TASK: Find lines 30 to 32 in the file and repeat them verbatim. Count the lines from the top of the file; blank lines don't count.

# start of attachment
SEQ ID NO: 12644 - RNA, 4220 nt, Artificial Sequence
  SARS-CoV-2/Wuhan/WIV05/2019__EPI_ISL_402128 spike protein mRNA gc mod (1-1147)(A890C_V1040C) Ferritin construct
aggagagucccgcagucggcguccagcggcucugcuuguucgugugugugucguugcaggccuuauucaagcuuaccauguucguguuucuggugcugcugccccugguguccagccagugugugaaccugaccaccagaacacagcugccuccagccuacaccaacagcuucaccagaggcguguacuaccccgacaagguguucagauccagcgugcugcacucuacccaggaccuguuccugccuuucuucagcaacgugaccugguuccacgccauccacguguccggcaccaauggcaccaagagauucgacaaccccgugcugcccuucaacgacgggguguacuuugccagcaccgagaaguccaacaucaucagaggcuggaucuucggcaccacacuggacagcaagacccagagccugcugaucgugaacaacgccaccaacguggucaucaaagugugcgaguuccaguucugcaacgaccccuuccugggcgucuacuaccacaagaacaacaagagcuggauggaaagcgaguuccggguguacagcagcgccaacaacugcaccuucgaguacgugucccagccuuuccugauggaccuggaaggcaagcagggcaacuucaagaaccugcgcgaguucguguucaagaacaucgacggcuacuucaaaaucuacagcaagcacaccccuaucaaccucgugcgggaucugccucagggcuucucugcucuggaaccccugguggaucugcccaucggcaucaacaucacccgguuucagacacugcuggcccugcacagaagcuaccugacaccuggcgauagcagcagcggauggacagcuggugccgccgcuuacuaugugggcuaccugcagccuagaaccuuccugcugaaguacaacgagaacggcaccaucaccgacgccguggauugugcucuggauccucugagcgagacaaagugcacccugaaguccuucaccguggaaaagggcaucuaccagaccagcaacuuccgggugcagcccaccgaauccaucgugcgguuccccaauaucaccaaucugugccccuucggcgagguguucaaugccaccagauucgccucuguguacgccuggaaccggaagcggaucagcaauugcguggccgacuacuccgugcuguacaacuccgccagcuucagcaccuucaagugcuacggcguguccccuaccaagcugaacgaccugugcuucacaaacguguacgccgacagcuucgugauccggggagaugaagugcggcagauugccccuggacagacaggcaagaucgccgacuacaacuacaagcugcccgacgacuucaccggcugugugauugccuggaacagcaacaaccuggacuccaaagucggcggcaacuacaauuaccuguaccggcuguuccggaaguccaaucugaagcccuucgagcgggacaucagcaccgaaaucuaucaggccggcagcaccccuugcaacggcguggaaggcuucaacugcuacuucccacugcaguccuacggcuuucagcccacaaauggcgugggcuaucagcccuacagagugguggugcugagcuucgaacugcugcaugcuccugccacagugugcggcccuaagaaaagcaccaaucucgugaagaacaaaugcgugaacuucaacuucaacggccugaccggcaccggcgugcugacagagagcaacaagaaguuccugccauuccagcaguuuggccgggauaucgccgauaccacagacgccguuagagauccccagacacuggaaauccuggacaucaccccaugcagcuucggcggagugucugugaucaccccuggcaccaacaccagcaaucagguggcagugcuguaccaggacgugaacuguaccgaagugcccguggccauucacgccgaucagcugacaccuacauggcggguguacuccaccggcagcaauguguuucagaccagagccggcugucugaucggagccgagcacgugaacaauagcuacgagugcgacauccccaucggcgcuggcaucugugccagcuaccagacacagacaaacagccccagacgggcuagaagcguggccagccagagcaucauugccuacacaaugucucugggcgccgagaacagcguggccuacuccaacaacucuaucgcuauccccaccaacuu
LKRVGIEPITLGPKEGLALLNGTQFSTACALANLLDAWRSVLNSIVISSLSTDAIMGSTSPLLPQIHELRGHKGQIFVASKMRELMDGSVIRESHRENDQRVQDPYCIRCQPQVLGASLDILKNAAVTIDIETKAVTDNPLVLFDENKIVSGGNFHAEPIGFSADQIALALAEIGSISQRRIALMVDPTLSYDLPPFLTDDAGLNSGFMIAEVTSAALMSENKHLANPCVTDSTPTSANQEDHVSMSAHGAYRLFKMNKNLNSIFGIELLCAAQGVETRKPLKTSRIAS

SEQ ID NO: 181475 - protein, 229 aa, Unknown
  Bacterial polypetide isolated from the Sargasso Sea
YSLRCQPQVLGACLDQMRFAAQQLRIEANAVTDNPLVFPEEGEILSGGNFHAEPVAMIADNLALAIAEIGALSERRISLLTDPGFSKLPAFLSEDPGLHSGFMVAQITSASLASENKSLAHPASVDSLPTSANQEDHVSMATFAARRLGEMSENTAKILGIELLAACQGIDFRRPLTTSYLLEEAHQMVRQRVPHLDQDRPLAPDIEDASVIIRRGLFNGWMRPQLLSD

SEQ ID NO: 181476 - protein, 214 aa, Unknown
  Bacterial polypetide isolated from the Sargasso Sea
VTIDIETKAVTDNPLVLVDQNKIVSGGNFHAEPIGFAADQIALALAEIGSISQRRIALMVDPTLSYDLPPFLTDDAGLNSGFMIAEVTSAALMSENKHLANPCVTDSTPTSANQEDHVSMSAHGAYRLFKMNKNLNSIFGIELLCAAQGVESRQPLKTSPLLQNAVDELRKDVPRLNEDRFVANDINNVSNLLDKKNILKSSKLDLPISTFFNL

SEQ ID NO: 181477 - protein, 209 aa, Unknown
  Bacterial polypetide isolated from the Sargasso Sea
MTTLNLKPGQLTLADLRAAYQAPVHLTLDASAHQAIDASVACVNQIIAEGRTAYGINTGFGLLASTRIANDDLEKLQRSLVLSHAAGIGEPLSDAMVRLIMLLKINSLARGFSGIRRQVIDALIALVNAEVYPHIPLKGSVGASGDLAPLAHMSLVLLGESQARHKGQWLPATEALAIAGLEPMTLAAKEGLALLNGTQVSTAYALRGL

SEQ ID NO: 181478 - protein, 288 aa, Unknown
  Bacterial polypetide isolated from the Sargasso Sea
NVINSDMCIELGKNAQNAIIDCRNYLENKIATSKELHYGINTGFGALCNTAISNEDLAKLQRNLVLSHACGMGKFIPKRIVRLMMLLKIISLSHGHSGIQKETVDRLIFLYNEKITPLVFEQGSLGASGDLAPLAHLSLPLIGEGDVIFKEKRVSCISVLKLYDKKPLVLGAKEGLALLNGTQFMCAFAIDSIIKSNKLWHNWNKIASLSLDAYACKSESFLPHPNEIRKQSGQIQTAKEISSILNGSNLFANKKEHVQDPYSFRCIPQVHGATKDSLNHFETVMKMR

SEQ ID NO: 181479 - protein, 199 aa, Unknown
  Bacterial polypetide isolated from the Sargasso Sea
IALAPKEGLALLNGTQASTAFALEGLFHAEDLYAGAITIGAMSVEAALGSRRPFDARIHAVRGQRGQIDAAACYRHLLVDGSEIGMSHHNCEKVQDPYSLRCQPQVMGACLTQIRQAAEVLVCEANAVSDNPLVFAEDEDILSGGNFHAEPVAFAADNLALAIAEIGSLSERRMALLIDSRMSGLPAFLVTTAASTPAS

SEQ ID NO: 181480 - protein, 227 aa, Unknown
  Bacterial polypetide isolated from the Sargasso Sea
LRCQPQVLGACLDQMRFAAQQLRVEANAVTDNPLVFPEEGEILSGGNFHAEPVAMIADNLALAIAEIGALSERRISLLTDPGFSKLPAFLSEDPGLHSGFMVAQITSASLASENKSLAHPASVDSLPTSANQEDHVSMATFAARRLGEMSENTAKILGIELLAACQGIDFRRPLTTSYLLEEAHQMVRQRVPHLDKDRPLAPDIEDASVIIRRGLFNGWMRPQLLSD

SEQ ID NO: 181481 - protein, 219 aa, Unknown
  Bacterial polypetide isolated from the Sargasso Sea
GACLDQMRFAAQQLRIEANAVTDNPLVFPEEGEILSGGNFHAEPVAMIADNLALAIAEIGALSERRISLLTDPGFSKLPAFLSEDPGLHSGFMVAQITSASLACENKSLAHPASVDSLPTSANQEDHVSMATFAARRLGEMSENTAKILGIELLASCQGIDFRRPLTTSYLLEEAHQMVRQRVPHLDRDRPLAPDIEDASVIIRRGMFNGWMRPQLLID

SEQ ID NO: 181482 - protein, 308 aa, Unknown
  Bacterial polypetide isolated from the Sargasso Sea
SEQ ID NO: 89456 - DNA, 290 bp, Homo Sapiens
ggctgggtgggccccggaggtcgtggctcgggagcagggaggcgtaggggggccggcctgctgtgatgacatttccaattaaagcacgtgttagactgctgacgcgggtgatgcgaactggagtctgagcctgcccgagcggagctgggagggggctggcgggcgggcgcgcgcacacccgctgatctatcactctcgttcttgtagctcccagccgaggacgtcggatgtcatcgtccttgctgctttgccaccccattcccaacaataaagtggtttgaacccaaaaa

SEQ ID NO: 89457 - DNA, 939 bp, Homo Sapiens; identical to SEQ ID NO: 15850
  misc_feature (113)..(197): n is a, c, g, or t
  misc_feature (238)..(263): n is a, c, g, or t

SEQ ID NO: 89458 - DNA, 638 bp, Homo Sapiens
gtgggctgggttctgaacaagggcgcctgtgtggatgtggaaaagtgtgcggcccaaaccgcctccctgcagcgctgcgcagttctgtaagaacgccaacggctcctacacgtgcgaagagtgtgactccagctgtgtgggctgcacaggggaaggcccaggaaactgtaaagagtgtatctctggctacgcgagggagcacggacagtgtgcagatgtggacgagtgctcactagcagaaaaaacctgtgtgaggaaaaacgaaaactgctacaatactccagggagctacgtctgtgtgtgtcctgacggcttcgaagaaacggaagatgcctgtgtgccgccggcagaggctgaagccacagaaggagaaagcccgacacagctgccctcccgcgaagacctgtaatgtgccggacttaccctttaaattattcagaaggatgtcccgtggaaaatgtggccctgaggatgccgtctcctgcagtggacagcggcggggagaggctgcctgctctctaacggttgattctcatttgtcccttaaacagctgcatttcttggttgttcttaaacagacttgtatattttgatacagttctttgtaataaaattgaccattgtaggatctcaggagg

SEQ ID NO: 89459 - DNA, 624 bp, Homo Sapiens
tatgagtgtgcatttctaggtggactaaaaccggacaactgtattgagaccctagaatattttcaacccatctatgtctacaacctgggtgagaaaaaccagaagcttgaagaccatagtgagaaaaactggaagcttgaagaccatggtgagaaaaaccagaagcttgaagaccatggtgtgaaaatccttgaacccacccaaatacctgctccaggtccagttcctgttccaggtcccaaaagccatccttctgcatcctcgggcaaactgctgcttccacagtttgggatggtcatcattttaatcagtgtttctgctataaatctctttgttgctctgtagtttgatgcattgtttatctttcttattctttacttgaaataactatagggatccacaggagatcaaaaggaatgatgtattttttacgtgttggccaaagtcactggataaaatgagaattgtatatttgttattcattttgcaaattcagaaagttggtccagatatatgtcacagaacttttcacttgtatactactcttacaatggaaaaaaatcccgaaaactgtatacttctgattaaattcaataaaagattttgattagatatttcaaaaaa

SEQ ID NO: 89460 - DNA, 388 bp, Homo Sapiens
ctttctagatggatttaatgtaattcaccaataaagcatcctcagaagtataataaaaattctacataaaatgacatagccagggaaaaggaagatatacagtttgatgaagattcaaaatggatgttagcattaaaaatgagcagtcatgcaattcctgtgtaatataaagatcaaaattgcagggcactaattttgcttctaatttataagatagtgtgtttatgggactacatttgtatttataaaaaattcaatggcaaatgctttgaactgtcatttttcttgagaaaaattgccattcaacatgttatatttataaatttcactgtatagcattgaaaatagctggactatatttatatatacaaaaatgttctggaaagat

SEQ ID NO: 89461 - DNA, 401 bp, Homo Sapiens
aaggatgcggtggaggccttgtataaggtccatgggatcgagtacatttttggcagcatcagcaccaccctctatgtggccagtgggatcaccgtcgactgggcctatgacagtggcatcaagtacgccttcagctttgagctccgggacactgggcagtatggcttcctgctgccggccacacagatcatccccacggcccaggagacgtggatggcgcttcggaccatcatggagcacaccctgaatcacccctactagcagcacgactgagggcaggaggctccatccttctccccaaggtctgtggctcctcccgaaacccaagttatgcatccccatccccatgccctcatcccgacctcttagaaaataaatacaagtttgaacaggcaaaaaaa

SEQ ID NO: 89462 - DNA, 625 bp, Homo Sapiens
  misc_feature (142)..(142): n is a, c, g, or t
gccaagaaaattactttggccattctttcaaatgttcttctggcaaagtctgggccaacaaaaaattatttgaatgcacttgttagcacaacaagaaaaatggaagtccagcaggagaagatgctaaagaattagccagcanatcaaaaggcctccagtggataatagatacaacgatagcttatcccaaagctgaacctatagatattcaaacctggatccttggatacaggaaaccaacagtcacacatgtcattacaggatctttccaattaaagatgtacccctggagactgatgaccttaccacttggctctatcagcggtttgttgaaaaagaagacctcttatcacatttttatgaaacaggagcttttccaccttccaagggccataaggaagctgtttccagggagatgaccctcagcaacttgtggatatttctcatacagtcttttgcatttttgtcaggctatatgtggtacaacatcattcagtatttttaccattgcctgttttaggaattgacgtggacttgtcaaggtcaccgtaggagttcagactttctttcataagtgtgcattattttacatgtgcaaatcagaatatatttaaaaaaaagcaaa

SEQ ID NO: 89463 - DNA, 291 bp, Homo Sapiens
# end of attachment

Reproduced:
SEQ ID NO: 89457 - DNA, 939 bp, Homo Sapiens; identical to SEQ ID NO: 15850
  misc_feature (113)..(197): n is a, c, g, or t
  misc_feature (238)..(263): n is a, c, g, or t